• Set aside extra income – Consider putting all unexpected income, such as tax returns, gift money and bonuses into your down payment fund. You’ll thank yourself later!
  • Shop around – When was the last time you shopped around for car insurance, cable, internet or your cell phone plan? You could save hundreds by downsizing or renegotiating some of these contracts.
Just as a general rule of thumb, for every $10,000 you put down, you’re only saving about $50 per month on your mortgage. While some buyers want their monthly payments to be as minimal as possible, others may feel more comfortable paying a little more each month knowing that they have wiggle room in their savings account.

Know the Dos and Don’ts of the Mortgage Process

Did you know? Some actions could have a negative impact on your mortgage loan approval. Here’s a list of dos and don’ts to follow throughout the loan process:

  • Quit your job or get another job unless it is the same line of work and for equal or more money. If this happens, be sure to call your loan officer immediately to come up with a plan.
  • Allow anyone to make an inquiry on your credit report.
  • Make any major purchases such as furniture, cars, real estate, etc.
  • Co-sign for anyone else on any type of loan.
  • Apply for credit, take on additional debt or complete any other credit application.
  • Close any existing credit accounts on your credit report.
  • Charge additional debt on any existing credit account that you have.
  • Start any home improvements that are not a condition of your loan.
  • Keep all existing accounts current, such as mortgages, car payments, and credit cards.
  • Make payments on all accounts on or before the due date, even if the account is being paid off with your new loan. If you have any problems making these payments, contact your loan officer immediately.
  • Keep copies of all paycheck stubs, bank account or asset statements, along with any statements for bills being paid off through this loan.
Determine Your Home’s “Must Haves” and Dealbreakers

Have you considered what you do and do not want in your new home? Creating a list “must haves” versus dealbreakers will help you eliminate time wasted during your home search.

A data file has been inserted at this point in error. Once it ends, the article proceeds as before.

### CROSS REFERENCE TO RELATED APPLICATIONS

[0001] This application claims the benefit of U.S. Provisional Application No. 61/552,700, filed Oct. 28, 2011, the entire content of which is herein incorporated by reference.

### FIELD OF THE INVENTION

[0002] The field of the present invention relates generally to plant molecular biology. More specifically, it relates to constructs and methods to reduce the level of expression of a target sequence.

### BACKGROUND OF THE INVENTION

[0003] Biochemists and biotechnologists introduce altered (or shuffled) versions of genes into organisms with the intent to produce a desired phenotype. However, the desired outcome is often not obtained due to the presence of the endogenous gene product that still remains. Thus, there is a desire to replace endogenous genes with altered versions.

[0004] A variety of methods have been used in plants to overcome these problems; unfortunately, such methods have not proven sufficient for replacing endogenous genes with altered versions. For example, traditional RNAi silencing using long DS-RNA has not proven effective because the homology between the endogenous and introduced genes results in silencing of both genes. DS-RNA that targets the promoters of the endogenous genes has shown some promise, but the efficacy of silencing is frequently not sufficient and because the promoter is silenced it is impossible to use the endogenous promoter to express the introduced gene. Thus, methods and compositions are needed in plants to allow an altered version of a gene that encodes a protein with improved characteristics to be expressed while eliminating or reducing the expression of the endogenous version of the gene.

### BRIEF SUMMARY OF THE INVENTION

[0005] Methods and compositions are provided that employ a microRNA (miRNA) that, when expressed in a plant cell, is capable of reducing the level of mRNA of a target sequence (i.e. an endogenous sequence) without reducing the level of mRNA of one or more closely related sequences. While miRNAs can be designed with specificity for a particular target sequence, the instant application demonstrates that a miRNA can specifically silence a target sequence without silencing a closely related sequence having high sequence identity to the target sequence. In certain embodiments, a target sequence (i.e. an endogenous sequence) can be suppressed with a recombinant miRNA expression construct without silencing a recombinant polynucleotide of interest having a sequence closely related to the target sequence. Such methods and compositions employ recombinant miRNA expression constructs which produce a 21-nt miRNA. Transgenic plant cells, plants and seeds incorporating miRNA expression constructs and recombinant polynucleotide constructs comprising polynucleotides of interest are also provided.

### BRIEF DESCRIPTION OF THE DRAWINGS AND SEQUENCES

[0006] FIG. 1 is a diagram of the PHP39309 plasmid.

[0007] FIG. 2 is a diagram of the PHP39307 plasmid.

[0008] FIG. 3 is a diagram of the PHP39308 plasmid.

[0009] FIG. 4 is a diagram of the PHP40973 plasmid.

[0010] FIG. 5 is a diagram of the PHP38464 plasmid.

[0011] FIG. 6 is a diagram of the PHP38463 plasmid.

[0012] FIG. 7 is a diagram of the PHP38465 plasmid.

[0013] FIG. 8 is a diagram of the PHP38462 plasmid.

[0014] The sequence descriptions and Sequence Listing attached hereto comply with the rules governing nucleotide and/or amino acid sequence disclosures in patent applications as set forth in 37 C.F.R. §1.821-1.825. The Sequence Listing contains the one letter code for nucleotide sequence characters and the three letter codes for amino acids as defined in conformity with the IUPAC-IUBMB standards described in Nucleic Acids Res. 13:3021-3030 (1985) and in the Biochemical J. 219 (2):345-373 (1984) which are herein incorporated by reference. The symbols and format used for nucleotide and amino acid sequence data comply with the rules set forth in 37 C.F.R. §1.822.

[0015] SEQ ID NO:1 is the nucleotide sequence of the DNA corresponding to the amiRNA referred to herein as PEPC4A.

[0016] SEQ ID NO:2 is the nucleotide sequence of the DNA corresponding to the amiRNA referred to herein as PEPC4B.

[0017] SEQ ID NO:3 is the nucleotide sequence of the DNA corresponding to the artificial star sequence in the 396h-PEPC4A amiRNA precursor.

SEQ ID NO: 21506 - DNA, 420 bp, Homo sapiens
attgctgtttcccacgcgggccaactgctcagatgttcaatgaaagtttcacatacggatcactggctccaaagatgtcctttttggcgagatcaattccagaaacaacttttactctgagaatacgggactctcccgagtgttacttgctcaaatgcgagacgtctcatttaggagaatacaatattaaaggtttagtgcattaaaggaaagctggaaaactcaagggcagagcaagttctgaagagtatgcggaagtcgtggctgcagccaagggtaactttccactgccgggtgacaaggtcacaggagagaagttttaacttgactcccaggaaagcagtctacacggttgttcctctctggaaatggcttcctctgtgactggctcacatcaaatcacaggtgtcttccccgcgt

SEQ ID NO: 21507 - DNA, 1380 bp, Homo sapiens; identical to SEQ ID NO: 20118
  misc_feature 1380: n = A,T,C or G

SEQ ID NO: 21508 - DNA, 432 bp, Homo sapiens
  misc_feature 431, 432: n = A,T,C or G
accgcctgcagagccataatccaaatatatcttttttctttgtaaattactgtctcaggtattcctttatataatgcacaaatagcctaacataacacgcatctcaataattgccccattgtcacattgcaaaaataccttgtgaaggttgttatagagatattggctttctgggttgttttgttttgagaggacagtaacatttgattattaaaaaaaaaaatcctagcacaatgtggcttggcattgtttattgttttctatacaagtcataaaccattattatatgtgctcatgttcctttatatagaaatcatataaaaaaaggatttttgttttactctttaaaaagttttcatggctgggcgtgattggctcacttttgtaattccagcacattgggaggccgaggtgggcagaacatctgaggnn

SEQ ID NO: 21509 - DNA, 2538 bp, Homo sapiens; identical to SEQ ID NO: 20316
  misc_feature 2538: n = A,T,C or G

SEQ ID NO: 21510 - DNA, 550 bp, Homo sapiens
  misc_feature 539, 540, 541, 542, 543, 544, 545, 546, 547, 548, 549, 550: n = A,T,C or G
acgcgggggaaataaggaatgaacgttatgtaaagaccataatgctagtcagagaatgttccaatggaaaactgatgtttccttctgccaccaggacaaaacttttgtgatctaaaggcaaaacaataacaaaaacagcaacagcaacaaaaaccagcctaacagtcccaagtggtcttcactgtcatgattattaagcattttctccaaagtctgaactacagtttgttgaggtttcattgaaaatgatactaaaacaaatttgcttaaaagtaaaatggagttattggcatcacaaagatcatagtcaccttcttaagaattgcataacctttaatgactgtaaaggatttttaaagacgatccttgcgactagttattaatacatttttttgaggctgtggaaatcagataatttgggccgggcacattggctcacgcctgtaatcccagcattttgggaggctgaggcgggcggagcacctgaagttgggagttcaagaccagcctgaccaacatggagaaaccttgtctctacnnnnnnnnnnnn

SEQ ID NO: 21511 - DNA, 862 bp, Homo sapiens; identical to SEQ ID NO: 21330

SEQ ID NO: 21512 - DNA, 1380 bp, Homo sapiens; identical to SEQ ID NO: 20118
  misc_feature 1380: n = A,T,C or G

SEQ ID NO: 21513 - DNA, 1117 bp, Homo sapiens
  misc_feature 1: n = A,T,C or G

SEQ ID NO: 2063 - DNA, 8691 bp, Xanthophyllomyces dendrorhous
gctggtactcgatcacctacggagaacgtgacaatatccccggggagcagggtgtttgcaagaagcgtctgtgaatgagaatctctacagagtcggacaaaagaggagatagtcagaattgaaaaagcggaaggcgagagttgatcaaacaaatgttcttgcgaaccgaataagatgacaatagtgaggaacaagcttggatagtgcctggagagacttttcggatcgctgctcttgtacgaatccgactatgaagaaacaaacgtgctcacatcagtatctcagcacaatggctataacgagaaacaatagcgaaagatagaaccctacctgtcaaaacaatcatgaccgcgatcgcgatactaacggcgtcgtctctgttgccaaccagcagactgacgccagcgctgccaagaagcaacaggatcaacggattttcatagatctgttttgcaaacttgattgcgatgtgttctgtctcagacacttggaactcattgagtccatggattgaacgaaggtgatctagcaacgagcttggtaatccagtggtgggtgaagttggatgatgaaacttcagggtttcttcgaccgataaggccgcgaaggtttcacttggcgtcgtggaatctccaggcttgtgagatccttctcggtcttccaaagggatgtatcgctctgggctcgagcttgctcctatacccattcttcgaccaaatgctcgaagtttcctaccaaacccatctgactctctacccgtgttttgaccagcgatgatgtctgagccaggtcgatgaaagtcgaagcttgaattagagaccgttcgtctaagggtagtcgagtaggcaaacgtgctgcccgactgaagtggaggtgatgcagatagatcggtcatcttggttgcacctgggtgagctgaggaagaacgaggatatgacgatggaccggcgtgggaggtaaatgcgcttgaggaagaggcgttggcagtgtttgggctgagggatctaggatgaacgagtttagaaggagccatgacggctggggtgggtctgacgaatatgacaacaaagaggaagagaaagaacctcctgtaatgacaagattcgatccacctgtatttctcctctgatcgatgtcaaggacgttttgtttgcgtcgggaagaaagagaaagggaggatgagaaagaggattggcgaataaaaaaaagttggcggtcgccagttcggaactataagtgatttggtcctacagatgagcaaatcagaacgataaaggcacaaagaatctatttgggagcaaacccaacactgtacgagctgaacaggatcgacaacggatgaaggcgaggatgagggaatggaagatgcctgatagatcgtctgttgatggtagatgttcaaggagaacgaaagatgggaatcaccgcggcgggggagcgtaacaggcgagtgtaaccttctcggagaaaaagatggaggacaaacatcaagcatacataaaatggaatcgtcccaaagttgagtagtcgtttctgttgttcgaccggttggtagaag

• Your "must have" features should be at the top of your list and be the things that you can't live without in your potential new home. 
  • Your dealbreakers are features that you absolutely do not want in a home. 
Utilize a Local Lender

There are many advantages when using us as your lender:
  • Our operations are local. Our team is readily available to provide updates and answers in person, by phone, over text, or in an email. 
  • You’ll receive a personalized experience. Our loan officers and operations team seamlessly work together to find the best mortgage solution for you. 
  • We have knowledge of the local real estate and mortgage market. We have established relationships with local real estate professionals, utilize local appraisers, and have extensive knowledge about the local market. We can provide you with niche, regional, or state loan products that other national companies cannot offer. We’ll also keep you informed of any changes in the market that could directly affect your homebuying process.
  • Your schedule is our priority. Meeting your closing date is our number one priority!
  • We truly care –We have an incentive to provide excellent service because we want our clients to be a source of referrals for future business. We hold our reputation to the highest standard.

TowneBank Mortgage is a mortgage lender and not a financial advisor, credit repair or consumer credit counseling company. We do not provide investment, tax or legal advice or directly provide services or assistance repairing, modifying, improving or correcting credit. Operations and loan processing centers are local to Virginia, North Carolina, and Maryland only. Loans originated outside of these states are not processed locally. The information contained herein (including but not limited to any description of lending programs and products, eligibility criteria, interest rates, fees and all other loan terms) is subject to change without notice. This is not a commitment to lend.